Tuesday, January 03, 2006

The Not-So-Secret History of Monster Island

My friend Adam and I went to elementary school together. Then junior high, then high school. Different colleges, but we stayed in the same crappy band until graduation. I went to work in magazines, he went to work for MTV. We both really wanted to be screenwriters but found ourselves on career paths that allowed us to see the objective, but wouldn’t let us merge to the exit (“Can’t. Get. Left.”).

He eventually moved to LA and, as all people do when they move to LA, met someone who dangled an intriguing opportunity: she was a producer who had a deal with an animation company and they were looking for material. So I rooted around in my Ideas folder and found this snippet:

“There's an island, somewhere in the Pacific, that's a gleaming metropolitan paradise. Lapuatu has all the best a city-nation could offer: the finest restaurants, a thriving nightlife, respected museums, luxury beach resorts, impressive live performances, etc. The people are beautiful and friendly. The economy is good. It is, in a word, perfect.

Except for the giant monsters.”

Didn’t have much more than that. I just liked the idea of a place that was so beautiful, so idyllic, that people would stay there despite all the bad stuff that happens on a regular basis. Like Sunnydale. Or California. (Why those poor sods stay in Tornado Alley is something else entirely. My guess: they're broke.)

Adam and I then sparked to the concept of the people who would make such an island possible. The clean-up crew. The guys who, day in and day out, keep a place like this running. Then, we decided to make it a workplace sitcom. Like Cheers, but set in the office of the Lapuatu Urgency Network. Complete with the wacky love triangle between the hero, the girl, and the Godzooki-like monster who so resented the other monsters who always picked on him he decided to play for the other team. We called it Monster Island.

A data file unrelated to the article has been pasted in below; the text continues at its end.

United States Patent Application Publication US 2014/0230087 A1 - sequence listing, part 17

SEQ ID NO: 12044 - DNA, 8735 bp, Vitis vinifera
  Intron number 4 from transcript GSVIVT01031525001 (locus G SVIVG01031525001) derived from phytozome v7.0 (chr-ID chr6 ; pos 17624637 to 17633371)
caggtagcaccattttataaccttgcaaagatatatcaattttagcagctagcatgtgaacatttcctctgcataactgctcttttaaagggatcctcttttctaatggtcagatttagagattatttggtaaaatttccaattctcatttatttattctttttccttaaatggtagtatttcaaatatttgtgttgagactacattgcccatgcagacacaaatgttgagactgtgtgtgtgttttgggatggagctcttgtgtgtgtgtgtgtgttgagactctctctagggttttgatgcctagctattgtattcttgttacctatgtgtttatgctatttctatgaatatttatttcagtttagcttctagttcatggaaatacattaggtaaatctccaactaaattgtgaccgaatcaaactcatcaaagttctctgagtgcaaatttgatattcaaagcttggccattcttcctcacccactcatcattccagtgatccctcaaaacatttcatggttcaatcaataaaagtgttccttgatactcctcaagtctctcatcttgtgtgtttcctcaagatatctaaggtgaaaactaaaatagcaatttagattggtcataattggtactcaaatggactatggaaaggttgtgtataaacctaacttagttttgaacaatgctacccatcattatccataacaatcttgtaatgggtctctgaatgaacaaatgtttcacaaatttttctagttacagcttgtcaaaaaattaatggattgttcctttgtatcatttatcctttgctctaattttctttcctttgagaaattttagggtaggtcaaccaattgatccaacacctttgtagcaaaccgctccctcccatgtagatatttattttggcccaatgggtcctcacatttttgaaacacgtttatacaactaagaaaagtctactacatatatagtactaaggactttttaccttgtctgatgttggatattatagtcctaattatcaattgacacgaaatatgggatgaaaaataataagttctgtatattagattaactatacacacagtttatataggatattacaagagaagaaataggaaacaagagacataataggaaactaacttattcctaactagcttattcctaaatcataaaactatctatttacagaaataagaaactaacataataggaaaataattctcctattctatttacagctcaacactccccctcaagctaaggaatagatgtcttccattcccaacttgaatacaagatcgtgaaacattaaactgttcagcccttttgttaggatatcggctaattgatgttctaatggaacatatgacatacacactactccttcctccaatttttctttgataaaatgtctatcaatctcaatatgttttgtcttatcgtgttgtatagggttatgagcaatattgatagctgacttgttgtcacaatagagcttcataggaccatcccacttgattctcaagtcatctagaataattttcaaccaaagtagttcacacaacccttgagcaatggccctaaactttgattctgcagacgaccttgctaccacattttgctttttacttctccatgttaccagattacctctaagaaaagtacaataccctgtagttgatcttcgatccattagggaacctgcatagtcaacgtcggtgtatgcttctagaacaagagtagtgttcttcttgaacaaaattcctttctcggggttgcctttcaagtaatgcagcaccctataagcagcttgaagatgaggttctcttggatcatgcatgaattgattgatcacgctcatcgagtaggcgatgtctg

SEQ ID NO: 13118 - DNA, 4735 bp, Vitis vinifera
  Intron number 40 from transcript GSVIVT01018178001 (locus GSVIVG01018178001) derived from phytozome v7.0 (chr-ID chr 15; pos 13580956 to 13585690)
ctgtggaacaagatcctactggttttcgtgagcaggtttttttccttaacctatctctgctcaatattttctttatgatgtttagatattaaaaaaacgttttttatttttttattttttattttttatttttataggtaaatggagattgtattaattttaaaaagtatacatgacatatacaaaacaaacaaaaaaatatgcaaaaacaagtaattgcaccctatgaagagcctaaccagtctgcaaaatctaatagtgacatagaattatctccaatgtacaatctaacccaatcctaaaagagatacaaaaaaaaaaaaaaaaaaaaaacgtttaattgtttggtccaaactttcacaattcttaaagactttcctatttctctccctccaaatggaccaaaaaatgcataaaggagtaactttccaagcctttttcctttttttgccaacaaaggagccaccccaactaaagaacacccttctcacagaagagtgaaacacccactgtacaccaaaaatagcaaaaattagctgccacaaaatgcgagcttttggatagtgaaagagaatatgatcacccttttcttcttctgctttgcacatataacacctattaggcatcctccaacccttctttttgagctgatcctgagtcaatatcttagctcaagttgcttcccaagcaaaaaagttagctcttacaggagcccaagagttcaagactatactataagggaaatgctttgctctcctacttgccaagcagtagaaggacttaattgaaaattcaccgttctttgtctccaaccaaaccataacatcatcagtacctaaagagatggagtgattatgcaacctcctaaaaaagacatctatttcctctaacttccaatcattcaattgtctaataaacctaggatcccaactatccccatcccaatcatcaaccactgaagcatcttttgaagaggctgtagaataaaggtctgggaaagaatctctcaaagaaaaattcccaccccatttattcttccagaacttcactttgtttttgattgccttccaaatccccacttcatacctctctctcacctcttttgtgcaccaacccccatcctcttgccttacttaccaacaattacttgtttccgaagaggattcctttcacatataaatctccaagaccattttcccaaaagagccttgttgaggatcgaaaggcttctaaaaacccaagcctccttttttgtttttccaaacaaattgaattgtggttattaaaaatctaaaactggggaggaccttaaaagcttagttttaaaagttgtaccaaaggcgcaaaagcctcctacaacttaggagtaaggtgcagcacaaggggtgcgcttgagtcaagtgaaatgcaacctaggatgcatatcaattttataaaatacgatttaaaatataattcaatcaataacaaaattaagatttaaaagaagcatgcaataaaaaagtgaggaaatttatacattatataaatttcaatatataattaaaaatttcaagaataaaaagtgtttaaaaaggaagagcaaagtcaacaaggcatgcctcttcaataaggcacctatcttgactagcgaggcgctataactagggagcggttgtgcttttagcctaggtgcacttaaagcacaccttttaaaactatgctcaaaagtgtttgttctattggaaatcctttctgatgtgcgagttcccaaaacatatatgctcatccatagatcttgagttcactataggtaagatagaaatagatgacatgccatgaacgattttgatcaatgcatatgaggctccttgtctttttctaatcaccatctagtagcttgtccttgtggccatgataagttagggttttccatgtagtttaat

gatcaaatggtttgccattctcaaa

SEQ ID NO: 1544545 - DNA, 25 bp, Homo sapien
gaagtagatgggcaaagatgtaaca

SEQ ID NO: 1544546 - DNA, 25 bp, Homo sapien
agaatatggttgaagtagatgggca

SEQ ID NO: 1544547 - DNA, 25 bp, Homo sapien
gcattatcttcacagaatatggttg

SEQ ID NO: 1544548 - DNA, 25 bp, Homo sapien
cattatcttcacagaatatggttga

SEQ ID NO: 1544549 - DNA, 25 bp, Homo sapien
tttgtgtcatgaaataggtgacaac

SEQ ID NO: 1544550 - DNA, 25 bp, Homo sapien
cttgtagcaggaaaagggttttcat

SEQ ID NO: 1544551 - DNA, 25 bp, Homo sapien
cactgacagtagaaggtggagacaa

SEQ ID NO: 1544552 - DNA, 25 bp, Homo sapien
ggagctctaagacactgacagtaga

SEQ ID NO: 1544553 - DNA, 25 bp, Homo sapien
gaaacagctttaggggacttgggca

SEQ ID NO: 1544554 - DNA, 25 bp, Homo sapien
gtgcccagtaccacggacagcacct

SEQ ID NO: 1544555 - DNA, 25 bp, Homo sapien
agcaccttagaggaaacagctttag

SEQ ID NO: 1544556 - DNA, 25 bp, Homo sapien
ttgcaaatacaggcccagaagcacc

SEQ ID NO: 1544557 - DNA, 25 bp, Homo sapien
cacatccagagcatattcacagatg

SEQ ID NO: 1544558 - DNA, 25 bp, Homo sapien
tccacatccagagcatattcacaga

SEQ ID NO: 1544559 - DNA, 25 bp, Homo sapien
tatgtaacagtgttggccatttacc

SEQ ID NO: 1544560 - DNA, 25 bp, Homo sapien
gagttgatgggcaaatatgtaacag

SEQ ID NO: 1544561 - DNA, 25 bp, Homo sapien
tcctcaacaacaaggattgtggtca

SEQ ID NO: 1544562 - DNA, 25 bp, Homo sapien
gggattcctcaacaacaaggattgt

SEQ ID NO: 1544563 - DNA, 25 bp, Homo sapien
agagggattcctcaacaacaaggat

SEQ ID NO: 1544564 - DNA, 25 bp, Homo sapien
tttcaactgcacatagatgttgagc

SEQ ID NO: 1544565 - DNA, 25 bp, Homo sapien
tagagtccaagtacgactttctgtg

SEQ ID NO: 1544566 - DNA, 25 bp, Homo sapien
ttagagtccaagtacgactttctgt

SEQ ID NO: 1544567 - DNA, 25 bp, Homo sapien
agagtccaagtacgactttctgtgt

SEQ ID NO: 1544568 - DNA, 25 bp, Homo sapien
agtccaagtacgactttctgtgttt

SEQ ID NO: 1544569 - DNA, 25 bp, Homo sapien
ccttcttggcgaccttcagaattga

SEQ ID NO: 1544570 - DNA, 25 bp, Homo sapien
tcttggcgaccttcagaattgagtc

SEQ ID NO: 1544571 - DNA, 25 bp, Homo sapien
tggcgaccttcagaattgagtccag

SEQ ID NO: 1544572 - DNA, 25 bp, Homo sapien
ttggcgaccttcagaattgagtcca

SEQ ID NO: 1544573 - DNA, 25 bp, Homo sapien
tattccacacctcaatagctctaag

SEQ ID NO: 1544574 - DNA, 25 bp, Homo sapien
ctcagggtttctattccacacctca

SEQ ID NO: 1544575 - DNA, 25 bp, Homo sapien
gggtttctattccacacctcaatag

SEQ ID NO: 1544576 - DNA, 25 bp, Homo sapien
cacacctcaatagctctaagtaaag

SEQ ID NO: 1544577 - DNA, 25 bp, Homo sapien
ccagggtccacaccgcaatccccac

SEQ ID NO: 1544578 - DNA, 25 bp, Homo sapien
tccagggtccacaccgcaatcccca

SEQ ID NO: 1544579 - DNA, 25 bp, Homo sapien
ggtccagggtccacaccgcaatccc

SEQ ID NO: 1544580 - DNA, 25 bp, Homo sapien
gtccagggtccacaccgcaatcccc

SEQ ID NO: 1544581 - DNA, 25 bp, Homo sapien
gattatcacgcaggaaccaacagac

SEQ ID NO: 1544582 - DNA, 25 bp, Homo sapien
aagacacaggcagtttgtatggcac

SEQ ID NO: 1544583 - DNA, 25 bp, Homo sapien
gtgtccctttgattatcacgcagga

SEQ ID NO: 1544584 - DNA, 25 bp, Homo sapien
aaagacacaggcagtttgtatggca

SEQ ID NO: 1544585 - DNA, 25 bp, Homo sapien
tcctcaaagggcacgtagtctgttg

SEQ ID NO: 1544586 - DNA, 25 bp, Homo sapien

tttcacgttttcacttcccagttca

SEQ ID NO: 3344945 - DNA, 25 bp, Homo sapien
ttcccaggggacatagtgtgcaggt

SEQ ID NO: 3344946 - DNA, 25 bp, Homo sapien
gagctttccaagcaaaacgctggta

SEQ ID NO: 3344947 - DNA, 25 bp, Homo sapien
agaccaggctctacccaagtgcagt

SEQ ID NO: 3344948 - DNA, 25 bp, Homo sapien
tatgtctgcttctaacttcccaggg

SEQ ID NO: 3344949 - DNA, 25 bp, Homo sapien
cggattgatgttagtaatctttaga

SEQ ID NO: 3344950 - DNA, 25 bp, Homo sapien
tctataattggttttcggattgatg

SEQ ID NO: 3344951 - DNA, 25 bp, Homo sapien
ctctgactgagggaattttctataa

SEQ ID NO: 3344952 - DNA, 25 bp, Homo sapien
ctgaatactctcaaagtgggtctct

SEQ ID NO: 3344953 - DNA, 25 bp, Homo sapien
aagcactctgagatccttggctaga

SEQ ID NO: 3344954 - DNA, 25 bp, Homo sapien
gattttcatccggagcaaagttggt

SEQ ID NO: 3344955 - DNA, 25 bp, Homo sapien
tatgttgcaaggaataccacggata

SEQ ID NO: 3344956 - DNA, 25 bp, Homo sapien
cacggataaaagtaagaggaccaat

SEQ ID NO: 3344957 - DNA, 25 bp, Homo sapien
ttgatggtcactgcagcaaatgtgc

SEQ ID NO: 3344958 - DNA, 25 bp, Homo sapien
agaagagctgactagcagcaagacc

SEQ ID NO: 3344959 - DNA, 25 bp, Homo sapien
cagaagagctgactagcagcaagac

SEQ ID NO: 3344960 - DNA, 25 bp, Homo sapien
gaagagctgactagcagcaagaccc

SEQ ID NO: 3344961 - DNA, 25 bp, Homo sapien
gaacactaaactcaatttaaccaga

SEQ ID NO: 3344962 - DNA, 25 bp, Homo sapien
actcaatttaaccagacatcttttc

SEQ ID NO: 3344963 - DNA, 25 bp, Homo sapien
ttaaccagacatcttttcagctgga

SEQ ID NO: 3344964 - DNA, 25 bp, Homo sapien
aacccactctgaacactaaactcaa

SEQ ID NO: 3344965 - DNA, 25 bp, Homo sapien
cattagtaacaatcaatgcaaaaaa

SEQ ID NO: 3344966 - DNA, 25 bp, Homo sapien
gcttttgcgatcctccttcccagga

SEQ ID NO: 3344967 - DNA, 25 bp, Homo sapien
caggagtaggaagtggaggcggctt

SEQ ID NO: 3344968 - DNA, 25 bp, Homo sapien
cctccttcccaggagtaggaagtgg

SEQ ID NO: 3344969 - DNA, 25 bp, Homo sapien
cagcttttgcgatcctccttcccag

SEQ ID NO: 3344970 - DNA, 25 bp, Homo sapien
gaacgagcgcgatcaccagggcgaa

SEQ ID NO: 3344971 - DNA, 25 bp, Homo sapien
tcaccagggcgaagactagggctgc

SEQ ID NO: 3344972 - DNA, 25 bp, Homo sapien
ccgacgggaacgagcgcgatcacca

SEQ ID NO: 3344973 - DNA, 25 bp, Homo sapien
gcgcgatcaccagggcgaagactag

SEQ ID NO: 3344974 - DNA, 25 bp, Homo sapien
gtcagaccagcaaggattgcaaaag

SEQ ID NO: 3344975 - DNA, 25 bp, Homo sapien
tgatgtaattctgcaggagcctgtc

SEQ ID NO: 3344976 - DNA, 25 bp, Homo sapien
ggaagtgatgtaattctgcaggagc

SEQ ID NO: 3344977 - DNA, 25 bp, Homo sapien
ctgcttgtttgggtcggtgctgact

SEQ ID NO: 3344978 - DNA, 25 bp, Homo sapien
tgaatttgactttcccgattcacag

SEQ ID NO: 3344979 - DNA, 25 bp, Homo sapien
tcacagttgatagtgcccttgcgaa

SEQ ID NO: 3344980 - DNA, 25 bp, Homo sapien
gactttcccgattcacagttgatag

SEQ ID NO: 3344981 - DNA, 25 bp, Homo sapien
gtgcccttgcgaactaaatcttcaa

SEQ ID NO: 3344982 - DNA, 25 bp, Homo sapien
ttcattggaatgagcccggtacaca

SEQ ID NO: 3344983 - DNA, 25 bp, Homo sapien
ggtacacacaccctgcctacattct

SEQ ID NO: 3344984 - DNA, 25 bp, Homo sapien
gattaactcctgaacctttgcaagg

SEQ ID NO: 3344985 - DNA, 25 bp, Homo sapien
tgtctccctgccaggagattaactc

We never got to pitch it to the producer. Because, more often than not, that’s just how things wind up in Hollywood. Unrealized.

But that same summer, I went to the 2005 San Diego Comic Con, with an inkling that it might be my last year going as a journalist. Had a brew-ha-ha and a moo-ha-ha (beer and a burger) with Larry Young. Ran a few ideas across his frontal lobe. He sparked to a couple, and settled on a revamped, big-budget-y, widescreen, action-oriented Monster Island. (I kind of always saw it as an action movie, because that’s pretty much my wheelhouse.)

Larry saw it as a 96-page original graphic novel. Awesome. Shouldn’t be too hard to bang out; it’s just as long as a screenplay, and we’ve written those.

Ha fucking ha.

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